So in my application for example, if the server (at any point in the flow, as a response to any request) sends a login page, the client knows to log in, because it reacts to the login page the same as a human user would do. If after the login page I were to to add an OTP authentication page on the server, all the exiting clients would still properly authenticate if that page is not enabled for the given user. If the user would enable the OTP, the old clients would throw an error, because they would not know what an OTP authentication page is (they would not know the media-type). Once they do know how to react to it, they would continue to work as expected.

I don't know whether that helps you, but this would be the "RESTful" way of doing it.

Addendum: I consider authentication a part of any "RESTful" API. My APIs always start with one URI where you don't need any special headers to start. From there on you only need to react to media-types you receive. The server will prompt you for anything it may need, including authentication, at the time it needs it.

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Firstly, lets say we implement it for the web application. Once a user reigsters for MFA, we ask need to also ask for the Authorization code. But what do we do with the REST API's - I would think we need to also enable MFA there (Oauth2 login)

Remember MFA is about verifying the user's identity as part of their login journey; this happens before the identity server issues an authorization code.

Access tokens are completely unaffected by MFA, the effects of enabling MFA are in whichever code currently prompts the user to enter their credentials.

if the credentials step of the user's journey is currently part of client applications themselves then enabling MFA will cause the identity server to return a different response after the user's credentials are checked.

Following the TOTP check, all of the OAuth2 flows remain exactly the same; the process to exchange an auth code for tokens will be unaffected - the endpoints are the same, and so are the responses; indeed the tokens themselves will be exactly the same.

REST APIs generally only handle tokens, usually using an Authorization header in each HTTP request. It generally doesn't make sense for a REST API to prompt users for their credentials or indeed be involved in any way in their login journey; therefore those APIs should be unaffected and unaware of the change to use MFA, continuing to consume tokens in exactly the same way.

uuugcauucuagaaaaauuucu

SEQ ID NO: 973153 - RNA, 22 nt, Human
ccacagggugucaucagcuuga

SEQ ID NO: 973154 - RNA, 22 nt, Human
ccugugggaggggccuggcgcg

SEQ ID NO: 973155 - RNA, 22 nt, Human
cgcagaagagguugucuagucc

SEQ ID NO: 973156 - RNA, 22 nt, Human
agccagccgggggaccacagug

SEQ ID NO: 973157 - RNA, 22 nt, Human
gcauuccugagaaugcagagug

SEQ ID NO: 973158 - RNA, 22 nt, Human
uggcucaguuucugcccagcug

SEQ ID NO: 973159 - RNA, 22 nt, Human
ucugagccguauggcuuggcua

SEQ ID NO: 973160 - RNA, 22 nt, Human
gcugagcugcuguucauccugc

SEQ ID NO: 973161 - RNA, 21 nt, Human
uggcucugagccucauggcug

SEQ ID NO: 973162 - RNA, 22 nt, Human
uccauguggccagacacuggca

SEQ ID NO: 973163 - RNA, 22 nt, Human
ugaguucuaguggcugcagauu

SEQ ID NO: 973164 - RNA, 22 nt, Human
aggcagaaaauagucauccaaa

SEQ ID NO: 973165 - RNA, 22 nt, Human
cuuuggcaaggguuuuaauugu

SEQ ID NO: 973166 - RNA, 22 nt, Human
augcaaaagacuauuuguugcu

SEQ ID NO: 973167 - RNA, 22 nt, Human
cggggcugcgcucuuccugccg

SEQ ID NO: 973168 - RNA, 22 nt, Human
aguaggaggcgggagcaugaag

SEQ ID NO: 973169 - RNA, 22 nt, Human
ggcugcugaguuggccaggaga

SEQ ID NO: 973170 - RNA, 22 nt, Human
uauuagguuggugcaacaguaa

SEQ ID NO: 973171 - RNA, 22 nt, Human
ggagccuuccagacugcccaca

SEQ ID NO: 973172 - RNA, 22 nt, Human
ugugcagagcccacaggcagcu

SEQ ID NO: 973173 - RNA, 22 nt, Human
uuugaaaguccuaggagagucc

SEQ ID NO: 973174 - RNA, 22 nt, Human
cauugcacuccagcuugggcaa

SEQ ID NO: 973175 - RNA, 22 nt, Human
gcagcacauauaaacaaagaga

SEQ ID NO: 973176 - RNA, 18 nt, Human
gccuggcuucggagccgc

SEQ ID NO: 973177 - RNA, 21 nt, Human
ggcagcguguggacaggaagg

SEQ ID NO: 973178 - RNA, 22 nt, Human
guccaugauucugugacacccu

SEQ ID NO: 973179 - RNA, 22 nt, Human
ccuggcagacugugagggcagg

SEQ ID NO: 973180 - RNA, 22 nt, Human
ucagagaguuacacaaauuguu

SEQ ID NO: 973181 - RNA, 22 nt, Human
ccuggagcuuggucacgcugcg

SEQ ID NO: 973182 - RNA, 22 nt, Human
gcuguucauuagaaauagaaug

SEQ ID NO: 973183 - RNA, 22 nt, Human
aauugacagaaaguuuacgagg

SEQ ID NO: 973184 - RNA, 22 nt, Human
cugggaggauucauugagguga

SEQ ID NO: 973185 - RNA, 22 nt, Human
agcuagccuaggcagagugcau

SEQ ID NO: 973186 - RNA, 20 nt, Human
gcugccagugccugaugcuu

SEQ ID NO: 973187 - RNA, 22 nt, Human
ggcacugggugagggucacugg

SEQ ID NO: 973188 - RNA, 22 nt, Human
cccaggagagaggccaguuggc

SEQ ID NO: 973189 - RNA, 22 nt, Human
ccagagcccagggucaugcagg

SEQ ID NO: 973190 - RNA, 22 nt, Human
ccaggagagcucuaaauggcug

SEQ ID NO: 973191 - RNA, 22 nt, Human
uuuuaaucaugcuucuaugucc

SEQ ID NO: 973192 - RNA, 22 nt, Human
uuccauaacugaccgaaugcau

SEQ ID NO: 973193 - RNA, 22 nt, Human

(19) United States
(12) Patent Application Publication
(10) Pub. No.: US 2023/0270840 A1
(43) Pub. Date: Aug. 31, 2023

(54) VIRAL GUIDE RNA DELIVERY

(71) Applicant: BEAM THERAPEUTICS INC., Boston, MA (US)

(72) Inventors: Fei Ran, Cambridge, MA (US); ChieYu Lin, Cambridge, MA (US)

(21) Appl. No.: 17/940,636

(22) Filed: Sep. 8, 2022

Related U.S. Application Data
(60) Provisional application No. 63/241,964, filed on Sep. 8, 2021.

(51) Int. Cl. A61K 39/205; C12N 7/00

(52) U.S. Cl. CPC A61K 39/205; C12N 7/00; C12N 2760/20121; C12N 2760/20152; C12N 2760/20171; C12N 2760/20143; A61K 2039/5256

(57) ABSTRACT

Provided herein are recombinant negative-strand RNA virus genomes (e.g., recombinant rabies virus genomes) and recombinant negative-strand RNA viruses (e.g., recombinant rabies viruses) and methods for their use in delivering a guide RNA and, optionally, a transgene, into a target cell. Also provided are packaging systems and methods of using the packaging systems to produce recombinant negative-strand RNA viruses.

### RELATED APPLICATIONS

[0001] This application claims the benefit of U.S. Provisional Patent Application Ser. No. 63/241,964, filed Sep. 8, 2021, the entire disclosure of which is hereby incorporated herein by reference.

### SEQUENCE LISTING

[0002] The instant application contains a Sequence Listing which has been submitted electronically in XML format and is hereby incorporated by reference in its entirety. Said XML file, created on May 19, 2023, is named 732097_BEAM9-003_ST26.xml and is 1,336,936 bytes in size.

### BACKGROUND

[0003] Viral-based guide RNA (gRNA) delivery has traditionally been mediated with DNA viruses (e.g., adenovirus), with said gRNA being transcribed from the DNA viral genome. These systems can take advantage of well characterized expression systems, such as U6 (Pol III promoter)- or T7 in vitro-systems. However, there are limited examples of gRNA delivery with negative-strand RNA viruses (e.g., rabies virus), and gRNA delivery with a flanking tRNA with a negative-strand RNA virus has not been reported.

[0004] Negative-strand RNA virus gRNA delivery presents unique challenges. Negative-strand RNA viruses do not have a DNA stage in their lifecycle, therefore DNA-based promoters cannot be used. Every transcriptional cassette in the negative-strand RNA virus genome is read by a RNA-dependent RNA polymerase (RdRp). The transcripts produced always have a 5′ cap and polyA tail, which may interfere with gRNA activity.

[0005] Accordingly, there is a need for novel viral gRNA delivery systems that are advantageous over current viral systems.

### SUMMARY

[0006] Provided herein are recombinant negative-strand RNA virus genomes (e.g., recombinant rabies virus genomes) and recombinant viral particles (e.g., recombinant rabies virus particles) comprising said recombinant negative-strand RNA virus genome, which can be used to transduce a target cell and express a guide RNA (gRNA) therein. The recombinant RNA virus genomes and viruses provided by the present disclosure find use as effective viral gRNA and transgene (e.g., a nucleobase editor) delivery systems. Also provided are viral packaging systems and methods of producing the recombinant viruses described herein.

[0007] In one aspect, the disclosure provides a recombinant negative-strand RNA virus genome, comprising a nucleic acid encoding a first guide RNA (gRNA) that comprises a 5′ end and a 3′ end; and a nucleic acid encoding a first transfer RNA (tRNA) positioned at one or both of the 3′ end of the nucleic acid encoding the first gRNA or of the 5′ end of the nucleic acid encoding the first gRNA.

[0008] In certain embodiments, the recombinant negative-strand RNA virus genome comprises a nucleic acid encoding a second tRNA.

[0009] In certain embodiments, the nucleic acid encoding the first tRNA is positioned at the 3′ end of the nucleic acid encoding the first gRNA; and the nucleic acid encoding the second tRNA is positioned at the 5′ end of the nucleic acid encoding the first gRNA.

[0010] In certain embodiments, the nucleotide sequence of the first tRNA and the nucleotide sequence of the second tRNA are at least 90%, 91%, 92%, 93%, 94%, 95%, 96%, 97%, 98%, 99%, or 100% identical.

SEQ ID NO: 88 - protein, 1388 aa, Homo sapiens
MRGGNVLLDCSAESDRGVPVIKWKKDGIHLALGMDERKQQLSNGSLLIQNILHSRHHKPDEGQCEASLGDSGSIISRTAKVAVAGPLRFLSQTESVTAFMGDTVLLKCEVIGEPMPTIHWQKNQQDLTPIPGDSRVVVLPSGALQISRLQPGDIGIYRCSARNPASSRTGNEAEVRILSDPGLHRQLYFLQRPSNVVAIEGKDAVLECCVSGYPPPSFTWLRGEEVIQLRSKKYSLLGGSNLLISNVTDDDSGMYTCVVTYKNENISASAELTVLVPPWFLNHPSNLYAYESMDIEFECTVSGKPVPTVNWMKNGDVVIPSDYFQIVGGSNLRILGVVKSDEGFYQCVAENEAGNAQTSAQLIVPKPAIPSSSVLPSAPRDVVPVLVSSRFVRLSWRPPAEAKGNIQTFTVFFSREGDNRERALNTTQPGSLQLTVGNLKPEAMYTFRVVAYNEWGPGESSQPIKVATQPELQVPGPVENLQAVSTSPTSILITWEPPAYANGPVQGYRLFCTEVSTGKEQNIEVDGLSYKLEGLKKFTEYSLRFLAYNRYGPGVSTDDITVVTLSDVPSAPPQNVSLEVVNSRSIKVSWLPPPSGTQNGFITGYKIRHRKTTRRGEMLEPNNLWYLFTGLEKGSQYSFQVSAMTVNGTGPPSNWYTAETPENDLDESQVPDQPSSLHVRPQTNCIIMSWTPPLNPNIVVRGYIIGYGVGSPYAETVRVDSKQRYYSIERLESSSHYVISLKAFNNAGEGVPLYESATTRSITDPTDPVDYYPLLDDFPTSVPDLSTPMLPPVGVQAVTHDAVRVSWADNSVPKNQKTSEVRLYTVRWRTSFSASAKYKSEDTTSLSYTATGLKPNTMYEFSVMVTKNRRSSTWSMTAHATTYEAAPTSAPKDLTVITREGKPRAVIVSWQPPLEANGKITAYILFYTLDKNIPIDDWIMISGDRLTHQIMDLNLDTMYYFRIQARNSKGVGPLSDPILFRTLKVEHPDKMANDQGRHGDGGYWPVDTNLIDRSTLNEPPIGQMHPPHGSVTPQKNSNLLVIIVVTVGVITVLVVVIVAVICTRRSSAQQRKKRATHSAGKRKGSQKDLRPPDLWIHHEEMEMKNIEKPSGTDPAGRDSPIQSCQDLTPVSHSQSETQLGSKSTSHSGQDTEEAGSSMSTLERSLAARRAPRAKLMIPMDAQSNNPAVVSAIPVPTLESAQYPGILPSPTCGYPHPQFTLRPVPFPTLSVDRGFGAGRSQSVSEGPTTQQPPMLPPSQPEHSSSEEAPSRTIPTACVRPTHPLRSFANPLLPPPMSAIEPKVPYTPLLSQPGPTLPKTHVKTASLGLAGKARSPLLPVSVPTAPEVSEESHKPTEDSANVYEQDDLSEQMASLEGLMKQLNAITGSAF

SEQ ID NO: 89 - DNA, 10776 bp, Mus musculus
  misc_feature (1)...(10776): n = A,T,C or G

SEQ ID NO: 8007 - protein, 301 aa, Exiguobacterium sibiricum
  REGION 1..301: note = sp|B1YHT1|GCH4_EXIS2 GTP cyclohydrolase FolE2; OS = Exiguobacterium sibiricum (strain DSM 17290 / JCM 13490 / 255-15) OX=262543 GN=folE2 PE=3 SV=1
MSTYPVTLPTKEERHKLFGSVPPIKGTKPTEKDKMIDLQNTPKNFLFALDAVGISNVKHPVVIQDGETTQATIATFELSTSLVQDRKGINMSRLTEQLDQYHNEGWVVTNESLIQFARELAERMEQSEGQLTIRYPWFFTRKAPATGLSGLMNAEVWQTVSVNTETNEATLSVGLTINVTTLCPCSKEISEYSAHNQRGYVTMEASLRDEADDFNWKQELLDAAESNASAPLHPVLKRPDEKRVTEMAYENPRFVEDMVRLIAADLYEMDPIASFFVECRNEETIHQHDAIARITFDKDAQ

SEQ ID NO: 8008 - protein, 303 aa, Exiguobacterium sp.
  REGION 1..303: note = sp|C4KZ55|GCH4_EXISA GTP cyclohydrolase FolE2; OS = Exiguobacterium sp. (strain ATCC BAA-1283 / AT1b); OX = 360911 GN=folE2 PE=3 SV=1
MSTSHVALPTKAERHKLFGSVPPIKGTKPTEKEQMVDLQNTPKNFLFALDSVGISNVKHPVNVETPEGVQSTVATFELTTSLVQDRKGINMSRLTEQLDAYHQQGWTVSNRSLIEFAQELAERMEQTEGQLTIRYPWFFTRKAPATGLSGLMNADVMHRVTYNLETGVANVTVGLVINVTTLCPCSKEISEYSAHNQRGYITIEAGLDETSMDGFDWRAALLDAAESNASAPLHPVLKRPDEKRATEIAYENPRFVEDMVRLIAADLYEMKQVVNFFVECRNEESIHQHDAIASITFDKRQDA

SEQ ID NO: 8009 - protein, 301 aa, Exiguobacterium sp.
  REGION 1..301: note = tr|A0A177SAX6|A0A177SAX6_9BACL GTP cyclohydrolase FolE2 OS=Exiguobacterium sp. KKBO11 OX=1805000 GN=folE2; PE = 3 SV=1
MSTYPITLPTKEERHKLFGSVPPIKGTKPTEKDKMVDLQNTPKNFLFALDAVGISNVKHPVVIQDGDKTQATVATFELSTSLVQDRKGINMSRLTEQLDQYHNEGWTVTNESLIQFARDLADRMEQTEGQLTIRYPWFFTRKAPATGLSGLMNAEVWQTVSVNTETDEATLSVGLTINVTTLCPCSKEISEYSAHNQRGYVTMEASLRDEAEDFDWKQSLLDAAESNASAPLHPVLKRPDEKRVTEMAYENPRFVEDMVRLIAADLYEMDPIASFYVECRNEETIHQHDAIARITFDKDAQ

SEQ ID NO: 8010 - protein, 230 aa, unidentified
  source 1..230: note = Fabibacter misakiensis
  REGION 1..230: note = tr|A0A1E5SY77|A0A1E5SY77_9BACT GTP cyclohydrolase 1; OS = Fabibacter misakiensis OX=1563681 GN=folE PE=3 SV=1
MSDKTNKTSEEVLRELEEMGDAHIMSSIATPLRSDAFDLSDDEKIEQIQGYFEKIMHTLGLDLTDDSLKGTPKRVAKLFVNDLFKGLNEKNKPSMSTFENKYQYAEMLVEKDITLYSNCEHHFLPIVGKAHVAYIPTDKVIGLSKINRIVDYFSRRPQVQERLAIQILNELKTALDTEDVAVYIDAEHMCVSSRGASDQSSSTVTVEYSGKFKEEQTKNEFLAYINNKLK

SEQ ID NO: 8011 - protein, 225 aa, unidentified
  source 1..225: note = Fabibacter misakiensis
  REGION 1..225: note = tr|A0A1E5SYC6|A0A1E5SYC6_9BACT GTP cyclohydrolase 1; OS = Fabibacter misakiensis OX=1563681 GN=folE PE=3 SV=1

But it still has the problem of the client applications not implementing the flow - and hence the user being locked out.

There is no way of avoiding the fact that the user's initial login journey (before receiving the auth code) has to change to support MFA.

If client applications are currently implementing that journey themselves (prompting for credentials) and MFA is enabled then those applications will receive a different response from the identity server after MFA Is enabled, so those client applications must implement the TOTP step of the journey.


The relative ease or difficulty of making this change inside those applications depends entirely on the way each of those applications has designed its handling of the journey. A common approach is for client applications not to actually implement the user's login journey themselves but redirect the web browser to a separate dedicated external 'login' app, then receive an auth code via a 'callback' URL (a 302 redirect in the web browser).

If you want to make this as simple as possible for your client applications and reduce duplication, then you may consider building a separate dedicated client login app to take care of the authentication journey; you could offer this app to those teams who control those client applications as a "quick win" which may save them some time and allow them to strip out their own login journey.